Aarhus Universitets segl

Diagnosis-Specific Group CBT Treating Social Anxiety in Adolescents: A Feasibility Study

Publikation: Bidrag til tidsskrift/Konferencebidrag i tidsskrift /Bidrag til avisTidsskriftartikelForskningpeer review



Background: Social anxiety disorder (SAD) is one of the most common anxiety disorders among adolescents. It is associated with extensive distress and negative long-term consequences. Generic cognitive behavioral therapy (CBT) is one of the preferred treatments for anxiety disorders, but it has shown poorer outcome for adolescents with SAD than for other anxiety disorders. Aim: As preparation for a randomized controlled trial the aim of the present study was to examine the feasibility of an adjusted diagnosis-specific CBT group intervention for adolescents with SAD, and provide preliminary information on adolescent and family outcomes. Method: Thirteen adolescents (age 12-17 years) diagnosed with SAD received a group therapy version of the Cool Kids Anxiety Program, Social Enhanced (CK-E), a program developed at Macquarie University, Sydney, Australia. The treatment is a diagnosis-specific manualized CBT treatment for adolescents with SAD. Semi-diagnostic interviews and questionnaires were completed at baseline, post, 3-month follow-up and 1-year follow-up. Results: Thirteen adolescents participated with no drop-outs. Most families attended all 10 intervention sessions. The families were generally satisfied with the treatment and would recommend it to others in need. Preliminary outcomes showed that participants had marked improvements in their anxiety symptoms and life interference, with significant medium to large baseline-post effect sizes durable at 1-year follow-up. Two of the adolescents were free of their SAD diagnosis at 3-month follow-up. Conclusion: Results from this feasibility study indicate that the Danish-translated and revised version of Cool Kids Anxiety Program - Social Enhanced could be a feasible intervention for Danish adolescents with SAD. The intervention will be investigated further in a randomized controlled trial.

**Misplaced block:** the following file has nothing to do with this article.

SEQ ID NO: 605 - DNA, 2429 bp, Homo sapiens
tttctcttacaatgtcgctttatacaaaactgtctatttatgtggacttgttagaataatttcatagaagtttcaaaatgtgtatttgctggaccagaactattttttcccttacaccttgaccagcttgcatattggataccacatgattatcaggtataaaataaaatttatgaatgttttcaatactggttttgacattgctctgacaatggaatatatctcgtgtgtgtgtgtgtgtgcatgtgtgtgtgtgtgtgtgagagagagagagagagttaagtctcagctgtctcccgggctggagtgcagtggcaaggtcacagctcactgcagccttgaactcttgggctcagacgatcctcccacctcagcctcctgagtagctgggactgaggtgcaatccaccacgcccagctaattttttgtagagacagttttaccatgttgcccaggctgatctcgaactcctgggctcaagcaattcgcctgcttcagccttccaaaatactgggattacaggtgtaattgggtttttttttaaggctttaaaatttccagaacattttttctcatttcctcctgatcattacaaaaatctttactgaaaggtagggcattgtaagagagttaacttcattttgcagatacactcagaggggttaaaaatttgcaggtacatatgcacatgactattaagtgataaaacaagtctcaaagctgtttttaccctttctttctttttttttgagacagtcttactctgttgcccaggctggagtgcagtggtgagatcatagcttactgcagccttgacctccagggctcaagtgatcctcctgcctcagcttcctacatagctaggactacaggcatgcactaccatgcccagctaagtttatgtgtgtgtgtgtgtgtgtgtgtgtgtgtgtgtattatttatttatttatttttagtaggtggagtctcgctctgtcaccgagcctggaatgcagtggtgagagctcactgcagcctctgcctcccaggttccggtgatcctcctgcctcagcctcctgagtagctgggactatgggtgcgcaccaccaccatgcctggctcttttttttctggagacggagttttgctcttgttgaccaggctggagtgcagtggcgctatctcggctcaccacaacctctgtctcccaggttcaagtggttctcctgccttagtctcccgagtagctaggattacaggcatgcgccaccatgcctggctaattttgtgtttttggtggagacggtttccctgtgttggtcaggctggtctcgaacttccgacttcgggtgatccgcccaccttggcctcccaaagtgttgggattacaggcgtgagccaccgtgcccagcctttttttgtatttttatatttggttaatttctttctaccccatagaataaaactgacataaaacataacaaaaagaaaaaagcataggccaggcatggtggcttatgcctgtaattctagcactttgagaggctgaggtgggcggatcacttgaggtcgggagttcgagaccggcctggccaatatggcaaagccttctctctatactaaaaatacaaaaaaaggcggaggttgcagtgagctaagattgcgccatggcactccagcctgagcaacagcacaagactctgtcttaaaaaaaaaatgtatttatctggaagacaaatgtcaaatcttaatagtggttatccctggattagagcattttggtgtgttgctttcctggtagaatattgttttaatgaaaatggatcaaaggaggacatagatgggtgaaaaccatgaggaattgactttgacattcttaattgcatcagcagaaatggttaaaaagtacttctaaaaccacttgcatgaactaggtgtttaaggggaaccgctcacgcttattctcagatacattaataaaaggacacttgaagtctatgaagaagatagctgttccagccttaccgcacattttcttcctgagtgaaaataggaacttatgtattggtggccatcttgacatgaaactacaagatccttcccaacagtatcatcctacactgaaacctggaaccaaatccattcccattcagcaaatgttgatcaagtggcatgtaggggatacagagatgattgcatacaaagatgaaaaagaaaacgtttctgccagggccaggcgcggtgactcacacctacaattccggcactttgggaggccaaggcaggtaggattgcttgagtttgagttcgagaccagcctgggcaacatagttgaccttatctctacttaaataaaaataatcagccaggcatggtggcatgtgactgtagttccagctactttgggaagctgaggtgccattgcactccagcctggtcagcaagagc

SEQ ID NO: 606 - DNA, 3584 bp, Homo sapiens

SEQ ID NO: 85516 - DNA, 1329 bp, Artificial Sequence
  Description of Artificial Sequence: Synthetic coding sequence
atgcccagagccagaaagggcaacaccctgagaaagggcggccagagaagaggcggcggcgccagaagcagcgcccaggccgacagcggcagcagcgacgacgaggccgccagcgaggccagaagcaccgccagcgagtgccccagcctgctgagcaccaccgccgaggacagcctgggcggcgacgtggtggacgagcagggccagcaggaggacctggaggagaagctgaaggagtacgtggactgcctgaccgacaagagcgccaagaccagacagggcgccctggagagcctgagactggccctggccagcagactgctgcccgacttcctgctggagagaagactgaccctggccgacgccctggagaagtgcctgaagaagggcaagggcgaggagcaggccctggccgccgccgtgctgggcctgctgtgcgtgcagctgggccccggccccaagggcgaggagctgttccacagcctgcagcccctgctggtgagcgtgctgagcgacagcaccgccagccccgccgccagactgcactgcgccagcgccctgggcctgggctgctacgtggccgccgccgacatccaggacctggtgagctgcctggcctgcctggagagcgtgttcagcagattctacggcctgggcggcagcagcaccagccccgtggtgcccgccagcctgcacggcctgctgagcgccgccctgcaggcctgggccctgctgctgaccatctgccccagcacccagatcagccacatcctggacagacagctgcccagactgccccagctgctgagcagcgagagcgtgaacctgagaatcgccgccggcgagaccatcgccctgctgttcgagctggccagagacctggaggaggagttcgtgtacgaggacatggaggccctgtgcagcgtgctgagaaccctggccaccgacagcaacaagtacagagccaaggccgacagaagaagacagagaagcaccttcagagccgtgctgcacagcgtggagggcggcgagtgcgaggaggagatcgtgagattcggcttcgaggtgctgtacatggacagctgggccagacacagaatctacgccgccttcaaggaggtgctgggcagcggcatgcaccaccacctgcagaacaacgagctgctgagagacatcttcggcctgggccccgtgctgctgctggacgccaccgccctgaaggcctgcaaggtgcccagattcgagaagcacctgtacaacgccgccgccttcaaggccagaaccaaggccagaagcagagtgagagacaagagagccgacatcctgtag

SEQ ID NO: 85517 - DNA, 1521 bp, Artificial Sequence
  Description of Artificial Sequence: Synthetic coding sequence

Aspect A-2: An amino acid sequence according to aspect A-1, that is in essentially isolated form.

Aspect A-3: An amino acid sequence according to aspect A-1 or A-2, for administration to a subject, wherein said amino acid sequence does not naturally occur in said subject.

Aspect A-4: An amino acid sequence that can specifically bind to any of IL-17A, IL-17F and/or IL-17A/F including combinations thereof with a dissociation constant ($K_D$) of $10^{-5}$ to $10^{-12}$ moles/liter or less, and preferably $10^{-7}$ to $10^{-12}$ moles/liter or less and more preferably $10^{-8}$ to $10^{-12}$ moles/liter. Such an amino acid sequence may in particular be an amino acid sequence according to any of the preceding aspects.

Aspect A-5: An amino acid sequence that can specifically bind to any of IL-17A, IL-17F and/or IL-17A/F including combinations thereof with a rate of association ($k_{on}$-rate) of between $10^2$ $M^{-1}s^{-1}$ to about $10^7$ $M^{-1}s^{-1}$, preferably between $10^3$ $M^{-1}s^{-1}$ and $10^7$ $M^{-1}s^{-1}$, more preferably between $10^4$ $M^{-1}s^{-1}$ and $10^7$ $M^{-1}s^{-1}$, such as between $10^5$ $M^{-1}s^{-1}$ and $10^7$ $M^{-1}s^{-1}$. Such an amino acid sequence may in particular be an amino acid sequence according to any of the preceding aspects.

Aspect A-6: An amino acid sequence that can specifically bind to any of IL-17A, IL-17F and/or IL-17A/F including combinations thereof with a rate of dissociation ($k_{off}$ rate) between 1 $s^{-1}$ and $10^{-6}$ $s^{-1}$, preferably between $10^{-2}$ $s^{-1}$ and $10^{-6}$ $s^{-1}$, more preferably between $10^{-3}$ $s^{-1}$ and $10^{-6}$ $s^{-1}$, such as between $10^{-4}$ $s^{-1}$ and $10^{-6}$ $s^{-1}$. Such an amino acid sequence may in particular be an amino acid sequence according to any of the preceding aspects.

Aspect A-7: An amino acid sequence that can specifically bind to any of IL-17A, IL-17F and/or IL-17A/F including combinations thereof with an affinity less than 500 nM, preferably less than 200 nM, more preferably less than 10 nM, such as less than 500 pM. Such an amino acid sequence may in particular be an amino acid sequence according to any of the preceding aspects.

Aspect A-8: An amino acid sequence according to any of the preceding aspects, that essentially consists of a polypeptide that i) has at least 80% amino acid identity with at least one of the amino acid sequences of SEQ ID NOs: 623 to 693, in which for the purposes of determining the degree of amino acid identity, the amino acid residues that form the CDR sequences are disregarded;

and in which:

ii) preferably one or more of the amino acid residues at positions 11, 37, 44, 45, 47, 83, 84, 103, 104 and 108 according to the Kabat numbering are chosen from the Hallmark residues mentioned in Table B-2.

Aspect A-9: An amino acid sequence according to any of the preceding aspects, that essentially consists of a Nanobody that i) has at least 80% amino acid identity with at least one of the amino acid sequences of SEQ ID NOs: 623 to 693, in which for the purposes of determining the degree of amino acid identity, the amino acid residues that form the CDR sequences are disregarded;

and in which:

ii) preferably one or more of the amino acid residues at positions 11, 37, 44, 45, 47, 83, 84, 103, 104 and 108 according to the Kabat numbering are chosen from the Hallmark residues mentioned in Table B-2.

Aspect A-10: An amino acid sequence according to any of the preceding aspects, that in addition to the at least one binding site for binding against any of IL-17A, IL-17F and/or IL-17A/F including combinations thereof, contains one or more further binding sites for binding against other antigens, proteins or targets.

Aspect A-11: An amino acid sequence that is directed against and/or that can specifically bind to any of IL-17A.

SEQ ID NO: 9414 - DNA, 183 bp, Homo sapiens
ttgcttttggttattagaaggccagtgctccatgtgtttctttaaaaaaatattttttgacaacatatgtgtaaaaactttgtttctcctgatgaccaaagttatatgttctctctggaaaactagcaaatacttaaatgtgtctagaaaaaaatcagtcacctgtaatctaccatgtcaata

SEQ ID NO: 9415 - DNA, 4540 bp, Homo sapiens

TidsskriftScandinavian Journal of Child and Adolescent Psychiatry and Psychology
Sider (fra-til)89-101
StatusUdgivet - jan. 2022

Se relationer på Aarhus Universitet Citationsformater


Ingen data tilgængelig

ID: 280051750